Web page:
Gulf News, October 12, 2005
The massive 7.6 intensity earthquake that rocked Afghanistan, Pakistan and northern India on Saturday is undoubtedly a great human tragedy.
It is also an occasion for governments in the region to set aside their differences and deal together with the devastation. Shockwaves from the earthquake covered the 625-mile stretch between Kabul, Islamabad and New Delhi.
But the area affected severely by the earthquake comprised mountains covering the Hindukush, Karakoram and Himalayan ranges. In addition to the mountains’ heights, access to the earthquake victims has become more difficult because of shattered bridges, cracked roads and landslides.
Pakistan has been hit hardest by this calamity. The cities of Muzaffarabad in Pakistan controlled Kashmir and Balakot in the Northwest Frontier Province have been reduced to rubble.
Casualties, already estimated to be over 30,000, could rise further as the full extent of the earthquake’s devastation becomes known. Many of the victims are likely to be in small villages, the population of which is not fully recorded and may be difficult to reach.
A much less intense earthquake in December 1974 that hit Pakistan’s northern areas, including some regions damaged again by the latest tremor, caused widespread damage. Almost 100 villages and small towns were flattened. An international rescue effort and worldwide fund-raising ensued.
By the time rescue crews reached remote villages and towns and the casualties were actually counted, 5,200 people were found to have died, thousands injured and a quarter of a million rendered homeless.
This time, too, in addition to burying the dead and locating survivors, massive humanitarian assistance will be needed to rehabilitate those affected by the natural disaster. Rebuilding destroyed towns and villages, reviving their economy and planning for the future would require far more resources than Pakistan can muster on its own.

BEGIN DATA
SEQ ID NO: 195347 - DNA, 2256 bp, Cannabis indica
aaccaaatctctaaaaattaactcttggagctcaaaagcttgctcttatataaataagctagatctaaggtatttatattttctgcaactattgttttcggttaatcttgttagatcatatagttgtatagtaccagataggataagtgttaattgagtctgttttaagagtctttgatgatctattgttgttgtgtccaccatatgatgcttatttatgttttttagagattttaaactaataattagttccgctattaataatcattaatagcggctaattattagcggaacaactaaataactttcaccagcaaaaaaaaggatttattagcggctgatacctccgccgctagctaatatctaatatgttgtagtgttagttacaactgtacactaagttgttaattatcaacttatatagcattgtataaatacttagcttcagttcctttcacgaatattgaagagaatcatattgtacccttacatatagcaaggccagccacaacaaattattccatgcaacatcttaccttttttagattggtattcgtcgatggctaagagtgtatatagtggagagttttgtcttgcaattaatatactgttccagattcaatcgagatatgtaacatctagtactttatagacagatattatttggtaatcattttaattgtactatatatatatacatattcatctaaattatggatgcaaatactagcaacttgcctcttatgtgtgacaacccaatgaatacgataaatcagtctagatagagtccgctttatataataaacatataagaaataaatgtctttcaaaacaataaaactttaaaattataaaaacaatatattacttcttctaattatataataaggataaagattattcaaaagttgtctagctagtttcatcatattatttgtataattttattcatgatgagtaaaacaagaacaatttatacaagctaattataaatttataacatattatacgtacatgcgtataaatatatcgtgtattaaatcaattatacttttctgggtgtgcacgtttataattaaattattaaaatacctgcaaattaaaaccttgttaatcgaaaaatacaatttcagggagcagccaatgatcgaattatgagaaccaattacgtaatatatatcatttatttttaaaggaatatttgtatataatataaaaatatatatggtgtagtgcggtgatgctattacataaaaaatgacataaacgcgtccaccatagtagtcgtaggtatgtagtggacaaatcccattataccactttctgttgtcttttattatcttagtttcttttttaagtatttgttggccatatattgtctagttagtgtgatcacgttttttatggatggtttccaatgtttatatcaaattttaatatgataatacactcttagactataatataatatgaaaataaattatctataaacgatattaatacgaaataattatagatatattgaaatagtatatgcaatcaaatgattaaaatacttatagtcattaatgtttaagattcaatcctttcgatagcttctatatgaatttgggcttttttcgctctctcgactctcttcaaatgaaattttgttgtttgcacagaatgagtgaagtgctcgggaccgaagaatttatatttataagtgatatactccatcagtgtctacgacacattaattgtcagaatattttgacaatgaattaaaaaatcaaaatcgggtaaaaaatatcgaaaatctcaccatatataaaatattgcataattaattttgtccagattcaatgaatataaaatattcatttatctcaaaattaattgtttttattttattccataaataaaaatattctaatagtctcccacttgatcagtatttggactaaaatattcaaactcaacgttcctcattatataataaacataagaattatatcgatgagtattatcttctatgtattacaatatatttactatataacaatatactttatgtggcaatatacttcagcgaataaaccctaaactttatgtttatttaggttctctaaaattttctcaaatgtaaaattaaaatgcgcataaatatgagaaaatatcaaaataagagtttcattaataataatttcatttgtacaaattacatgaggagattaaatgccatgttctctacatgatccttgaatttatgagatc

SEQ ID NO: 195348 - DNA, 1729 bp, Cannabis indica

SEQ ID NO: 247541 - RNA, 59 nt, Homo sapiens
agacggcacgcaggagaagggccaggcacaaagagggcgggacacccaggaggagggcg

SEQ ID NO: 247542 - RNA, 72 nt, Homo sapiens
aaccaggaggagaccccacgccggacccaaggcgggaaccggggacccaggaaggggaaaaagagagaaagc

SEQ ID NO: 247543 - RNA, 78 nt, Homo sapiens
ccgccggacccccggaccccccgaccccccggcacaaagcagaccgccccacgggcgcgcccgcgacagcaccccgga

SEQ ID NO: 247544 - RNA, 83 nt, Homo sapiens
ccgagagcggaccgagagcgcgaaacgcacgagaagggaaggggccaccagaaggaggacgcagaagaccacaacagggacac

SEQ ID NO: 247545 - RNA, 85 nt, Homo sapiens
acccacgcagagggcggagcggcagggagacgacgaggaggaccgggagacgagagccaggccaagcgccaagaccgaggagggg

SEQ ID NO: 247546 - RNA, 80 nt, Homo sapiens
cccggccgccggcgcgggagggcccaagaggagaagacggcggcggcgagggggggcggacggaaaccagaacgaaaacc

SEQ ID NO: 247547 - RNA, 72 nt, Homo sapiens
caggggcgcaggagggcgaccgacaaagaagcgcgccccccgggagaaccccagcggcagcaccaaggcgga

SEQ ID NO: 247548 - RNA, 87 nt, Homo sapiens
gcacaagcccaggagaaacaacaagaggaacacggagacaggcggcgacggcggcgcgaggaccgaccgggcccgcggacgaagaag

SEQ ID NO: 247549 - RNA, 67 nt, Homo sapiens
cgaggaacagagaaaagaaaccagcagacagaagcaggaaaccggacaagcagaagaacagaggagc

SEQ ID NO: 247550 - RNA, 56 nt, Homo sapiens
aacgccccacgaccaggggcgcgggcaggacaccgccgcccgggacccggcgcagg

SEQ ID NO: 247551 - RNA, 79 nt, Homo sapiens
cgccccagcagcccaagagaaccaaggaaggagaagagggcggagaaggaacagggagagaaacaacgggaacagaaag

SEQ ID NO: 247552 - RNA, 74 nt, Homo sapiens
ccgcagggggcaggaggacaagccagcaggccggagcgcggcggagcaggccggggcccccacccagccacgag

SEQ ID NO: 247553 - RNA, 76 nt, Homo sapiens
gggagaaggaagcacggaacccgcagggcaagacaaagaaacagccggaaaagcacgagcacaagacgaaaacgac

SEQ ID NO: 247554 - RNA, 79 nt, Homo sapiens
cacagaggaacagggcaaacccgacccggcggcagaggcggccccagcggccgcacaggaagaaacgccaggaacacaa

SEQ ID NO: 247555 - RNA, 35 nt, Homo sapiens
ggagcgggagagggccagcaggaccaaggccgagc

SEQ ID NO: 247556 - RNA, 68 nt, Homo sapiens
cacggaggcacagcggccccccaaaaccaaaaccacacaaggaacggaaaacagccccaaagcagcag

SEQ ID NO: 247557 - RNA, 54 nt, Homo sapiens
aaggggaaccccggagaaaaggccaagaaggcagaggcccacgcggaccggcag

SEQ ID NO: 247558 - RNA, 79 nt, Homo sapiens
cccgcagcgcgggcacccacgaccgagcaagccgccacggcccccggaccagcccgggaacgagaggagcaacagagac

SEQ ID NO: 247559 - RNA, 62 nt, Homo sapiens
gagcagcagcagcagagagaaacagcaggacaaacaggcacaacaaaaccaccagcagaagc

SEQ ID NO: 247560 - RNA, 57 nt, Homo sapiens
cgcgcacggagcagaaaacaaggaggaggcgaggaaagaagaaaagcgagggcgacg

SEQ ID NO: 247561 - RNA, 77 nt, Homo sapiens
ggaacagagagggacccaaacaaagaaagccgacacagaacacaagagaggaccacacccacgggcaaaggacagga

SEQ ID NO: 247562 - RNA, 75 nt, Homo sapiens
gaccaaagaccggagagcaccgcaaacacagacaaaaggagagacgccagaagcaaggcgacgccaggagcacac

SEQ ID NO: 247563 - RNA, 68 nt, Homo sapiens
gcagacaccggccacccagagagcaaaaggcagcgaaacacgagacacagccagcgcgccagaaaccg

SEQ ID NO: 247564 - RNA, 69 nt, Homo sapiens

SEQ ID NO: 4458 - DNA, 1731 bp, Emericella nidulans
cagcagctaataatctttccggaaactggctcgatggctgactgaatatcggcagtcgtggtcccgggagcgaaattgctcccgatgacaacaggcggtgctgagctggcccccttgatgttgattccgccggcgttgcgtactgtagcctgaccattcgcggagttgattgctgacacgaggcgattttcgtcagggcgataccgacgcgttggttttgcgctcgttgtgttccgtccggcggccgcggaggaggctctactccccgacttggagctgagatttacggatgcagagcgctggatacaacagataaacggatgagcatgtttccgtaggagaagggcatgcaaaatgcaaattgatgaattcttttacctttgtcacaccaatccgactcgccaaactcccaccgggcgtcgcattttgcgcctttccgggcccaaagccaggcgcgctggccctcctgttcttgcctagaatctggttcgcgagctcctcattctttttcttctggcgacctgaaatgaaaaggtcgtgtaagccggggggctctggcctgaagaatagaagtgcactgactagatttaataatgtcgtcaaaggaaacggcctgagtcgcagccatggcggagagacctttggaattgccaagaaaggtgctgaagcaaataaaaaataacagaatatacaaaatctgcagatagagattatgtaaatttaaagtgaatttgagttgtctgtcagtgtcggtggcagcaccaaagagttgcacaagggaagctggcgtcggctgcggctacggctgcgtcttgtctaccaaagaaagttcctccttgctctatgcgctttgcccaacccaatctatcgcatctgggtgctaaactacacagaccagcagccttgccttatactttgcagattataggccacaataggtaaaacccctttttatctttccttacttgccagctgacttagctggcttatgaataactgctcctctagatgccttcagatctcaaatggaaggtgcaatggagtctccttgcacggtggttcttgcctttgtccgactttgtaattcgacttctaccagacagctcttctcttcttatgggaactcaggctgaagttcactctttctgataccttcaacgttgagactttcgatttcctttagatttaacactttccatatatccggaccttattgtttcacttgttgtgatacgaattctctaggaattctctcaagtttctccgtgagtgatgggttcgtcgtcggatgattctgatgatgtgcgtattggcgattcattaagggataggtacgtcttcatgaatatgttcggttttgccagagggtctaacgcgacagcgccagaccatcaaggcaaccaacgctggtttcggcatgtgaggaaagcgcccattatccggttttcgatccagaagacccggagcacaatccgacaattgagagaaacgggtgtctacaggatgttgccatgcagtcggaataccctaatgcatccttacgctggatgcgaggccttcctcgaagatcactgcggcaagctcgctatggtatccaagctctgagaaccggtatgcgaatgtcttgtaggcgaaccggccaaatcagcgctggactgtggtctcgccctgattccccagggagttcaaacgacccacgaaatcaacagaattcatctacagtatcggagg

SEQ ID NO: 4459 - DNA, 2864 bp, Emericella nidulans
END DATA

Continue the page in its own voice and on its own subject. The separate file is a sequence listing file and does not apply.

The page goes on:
President Bush’s announcement of US help for the earthquake victims and the generous assistance provided by Britain and the UAE, among others, reflects the international community’s humanitarian concern over the consequences of this natural disaster.
As was seen during the aftermath of Hurricane Katrina that destroyed New Orleans, even the world’s greatest military and economic power was not fully equipped with the unanticipated fury of nature. Countries such as Pakistan, where one-third of the population lives on less than $1 (Dh3.67) a day cannot be expected to deal with the consequences of a large-scale emergency without considerable international assistance.
Pakistan has asked for, and should get, help in the form of transport helicopters, blankets, food supplies and medicines.
India’s offer of help should help the stalled peace process in South Asia and should be reciprocated by a Pakistani offer of assistance to Indian victims in areas where Pakistanis might have better access.
The US willingness to allow its military personnel, stationed in Afghanistan, to assist with disaster relief in Pakistan should similarly be appreciated. Given the scale of the disaster, humanitarian considerations should rump political ones.
While mobilising manpower and resources to deal with the earthquake’s aftermath, Pakistanis should not overlook the structural shortcomings that have exacerbated the destruction caused by this act of nature.
Wide swathes of Pakistan controlled Kashmir, the Northwest Frontier Province and the Northern Areas had no first aid infrastructure.
Apparently no lessons were learnt from the 1974 earthquake and there was no disaster relief contingency plan in place for an earthquake of greater intensity.
Even in the federal capital, Islamabad, it took soldiers two hours and 45 minutes to reach the collapsed Margalla Towers, notwithstanding the building’s central and accessible location. There was only one crane in all of Islamabad to deal with the massive debris of steel reinforced concrete.
Compare the army’s reaction time in reaching Margalla Towers with its swift execution of the October 1999 coup d’etat that brought General Pervez Musharraf to power and Pakistan’s fundamental problem becomes apparent. Then, army units moved swiftly to take control of Islamabad’s key buildings within 35 minutes of Musharraf’s removal from his position as army chief by the civilian prime minister.
The army claimed that its swift movement was made possible by its preparedness for various contingencies. Quite clearly, the Pakistani establishment prepares for political contingencies but not for natural disasters.
Perhaps it is time to include exercises for dealing with adversities such as last Saturday’s earthquake in the military’s repertoire of contingencies.